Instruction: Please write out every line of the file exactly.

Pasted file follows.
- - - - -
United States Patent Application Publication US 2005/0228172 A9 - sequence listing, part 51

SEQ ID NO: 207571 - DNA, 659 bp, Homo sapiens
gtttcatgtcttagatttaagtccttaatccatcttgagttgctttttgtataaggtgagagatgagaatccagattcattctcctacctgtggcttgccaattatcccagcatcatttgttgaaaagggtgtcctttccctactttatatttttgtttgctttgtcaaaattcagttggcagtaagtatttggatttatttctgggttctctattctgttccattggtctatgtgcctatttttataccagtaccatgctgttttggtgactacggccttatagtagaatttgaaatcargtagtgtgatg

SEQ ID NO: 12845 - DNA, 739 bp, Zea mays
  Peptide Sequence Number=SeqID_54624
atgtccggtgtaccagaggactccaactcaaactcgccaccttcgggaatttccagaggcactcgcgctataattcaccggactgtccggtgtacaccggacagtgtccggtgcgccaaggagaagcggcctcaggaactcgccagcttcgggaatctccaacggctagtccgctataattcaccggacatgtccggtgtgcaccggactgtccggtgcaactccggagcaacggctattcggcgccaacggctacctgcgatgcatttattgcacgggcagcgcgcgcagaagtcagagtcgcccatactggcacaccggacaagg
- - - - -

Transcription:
United States Patent Application Publication US 2005/0228172 A9 - sequence listing, part 51

SEQ ID NO: 207571 - DNA, 659 bp, Homo sapiens
gtttcatgtcttagatttaagtccttaatccatcttgagttgctttttgtataaggtgagagatgagaatccagattcattctcctacctgtggcttgccaattatcccagcatcatttgttgaaaagggtgtcctttccctactttatatttttgtttgctttgtcaaaattcagttggcagtaagtatttggatttatttctgggttctctattctgttccattggtctatgtgcctatttttataccagtaccatgctgttttggtgactacggccttatagtagaatttgaaatcargtagtgtgatg

SEQ ID NO: 12845 - DNA, 739 bp, Zea mays
  Peptide Sequence Number=SeqID_54624
atgtccggtgtaccagaggactccaactcaaactcgccaccttcgggaatttccagaggcactcgcgctataattcaccggactgtccggtgtacaccggacagtgtccggtgcgccaaggagaagcggcctcaggaactcgccagcttcgggaatctccaacggctagtccgctataattcaccggacatgtccggtgtgcaccggactgtccggtgcaactccggagcaacggctattcggcgccaacggctacctgcgatgcatttattgcacgggcagcgcgcgcagaagtcagagtcgcccatactggcacaccggacaagg